Difference between revisions of "Information/HGFlashROM"

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''<font color=red><small>
 
''<font color=red><small>
 
This article  
 
This article  
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at Linkstationwiki.org
 
at Linkstationwiki.org
 
</small></font>''<br>
 
</small></font>''<br>
{{Postit|Major number | The ''major'' number in a special file entry identifies the device driver. Each driver in a Linux or Unix kernel has a number. The major number just selects the driver, e.g. if a serial port driver or a hard disk driver should be associated with the name in the file system}}
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{| align=right
{{Postit|Minor number | The ''minor'' number in a special file entry is interpreted individually by a particular device driver. For example a serial driver might use it to compute the I/O address of a UART, or a hard disk driver might use it to address a particular disk on the periphery bus}}
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|-
 
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|{{Postit|Major number | The ''major'' number in a special file entry identifies the device driver. Each driver in a Linux or Unix kernel has a number. The major number just selects the driver, e.g. if a serial port driver or a hard disk driver should be associated with the name in the file system}}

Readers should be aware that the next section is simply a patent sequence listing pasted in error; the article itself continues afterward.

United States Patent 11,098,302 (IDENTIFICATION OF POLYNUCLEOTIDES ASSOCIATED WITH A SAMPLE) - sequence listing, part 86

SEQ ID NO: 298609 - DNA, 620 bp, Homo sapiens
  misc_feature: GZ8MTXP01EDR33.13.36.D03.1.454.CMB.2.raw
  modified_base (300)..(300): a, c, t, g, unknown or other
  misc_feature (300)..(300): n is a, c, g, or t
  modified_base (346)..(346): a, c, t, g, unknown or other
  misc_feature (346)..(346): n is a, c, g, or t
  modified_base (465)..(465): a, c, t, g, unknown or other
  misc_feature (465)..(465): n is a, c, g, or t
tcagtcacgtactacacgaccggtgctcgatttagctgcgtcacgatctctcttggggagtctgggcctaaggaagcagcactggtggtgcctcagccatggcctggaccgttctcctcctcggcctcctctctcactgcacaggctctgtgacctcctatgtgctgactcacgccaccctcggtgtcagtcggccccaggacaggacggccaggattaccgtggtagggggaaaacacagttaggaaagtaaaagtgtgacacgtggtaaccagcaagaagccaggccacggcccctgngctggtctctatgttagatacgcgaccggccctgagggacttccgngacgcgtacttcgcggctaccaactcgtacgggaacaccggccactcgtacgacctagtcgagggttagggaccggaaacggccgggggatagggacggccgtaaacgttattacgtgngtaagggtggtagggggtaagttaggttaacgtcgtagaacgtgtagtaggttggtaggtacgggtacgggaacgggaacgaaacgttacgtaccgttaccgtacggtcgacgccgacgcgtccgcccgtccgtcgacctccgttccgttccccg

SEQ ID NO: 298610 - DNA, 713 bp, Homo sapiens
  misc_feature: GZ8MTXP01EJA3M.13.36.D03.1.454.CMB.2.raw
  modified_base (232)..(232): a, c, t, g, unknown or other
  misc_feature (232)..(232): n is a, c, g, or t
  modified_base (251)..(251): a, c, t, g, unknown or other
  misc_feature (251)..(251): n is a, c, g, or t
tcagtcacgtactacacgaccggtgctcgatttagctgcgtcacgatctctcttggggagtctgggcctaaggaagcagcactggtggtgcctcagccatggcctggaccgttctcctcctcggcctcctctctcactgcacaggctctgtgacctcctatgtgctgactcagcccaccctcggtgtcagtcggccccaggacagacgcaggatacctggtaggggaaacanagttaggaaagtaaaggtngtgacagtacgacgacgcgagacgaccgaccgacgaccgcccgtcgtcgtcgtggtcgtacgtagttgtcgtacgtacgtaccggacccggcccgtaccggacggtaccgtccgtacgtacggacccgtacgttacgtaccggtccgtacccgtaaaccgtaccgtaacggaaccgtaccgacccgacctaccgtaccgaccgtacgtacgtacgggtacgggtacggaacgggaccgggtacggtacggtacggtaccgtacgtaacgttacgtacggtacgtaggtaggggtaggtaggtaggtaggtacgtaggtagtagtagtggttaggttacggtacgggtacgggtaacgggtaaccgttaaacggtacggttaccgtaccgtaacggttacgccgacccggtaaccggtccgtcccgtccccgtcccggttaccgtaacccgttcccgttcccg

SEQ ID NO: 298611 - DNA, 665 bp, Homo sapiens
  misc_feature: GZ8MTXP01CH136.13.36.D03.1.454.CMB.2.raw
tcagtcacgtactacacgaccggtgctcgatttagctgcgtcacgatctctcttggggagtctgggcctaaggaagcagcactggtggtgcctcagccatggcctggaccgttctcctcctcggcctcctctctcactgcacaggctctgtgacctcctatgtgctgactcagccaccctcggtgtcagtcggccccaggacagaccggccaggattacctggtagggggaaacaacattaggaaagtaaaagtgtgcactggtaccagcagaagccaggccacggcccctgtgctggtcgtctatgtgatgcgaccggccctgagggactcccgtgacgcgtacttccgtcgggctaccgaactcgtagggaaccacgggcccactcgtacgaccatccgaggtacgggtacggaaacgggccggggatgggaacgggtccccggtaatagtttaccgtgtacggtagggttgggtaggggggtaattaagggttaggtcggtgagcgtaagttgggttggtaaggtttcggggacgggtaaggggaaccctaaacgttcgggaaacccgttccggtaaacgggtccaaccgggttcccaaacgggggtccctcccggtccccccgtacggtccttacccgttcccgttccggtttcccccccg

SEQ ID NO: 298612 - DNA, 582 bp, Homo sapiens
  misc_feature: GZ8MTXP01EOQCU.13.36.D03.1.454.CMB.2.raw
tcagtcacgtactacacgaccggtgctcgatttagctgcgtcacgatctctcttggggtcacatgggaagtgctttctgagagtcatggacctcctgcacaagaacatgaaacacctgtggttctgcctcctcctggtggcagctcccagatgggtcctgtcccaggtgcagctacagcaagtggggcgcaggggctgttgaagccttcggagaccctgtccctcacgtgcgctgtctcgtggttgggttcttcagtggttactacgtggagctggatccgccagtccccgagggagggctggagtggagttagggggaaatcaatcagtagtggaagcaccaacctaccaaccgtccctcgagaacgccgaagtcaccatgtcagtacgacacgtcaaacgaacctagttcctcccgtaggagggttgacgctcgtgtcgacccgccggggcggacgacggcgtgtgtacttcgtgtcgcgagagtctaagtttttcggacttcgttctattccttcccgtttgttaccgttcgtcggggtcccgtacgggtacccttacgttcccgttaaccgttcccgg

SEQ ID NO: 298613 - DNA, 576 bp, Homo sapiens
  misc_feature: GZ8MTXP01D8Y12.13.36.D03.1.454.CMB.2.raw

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|-
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|{{Postit|Minor number | The ''minor'' number in a special file entry is interpreted individually by a particular device driver. For example a serial driver might use it to compute the I/O address of a UART, or a hard disk driver might use it to address a particular disk on the periphery bus}}
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First some background. 'mtd' stands for memory technology device. Traditionally Unix (and Linux) just has two device types
 
First some background. 'mtd' stands for memory technology device. Traditionally Unix (and Linux) just has two device types
  
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<center>(all information based on official firmware 1.45b):</center>
 
<center>(all information based on official firmware 1.45b):</center>
  
{| style="width:100%; background:#E0FFFF" border="1" align=center
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{| style="width:100%; background:#DDDDDD" align=center
|'''Device'''
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|style="background:#CCCCCC; color:green"|'''Device'''
|'''Major'''
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|style="background:#CCCCCC; color:green"|'''Major'''
| '''Minor'''
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|style="background:#CCCCCC; color:green"|'''Minor'''
|'''End'''
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|style="background:#CCCCCC; color:green"|'''End'''
|'''Size'''
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|style="background:#CCCCCC; color:green"|'''Size'''
|'''Function'''
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|style="background:#CCCCCC; color:green"|'''Function'''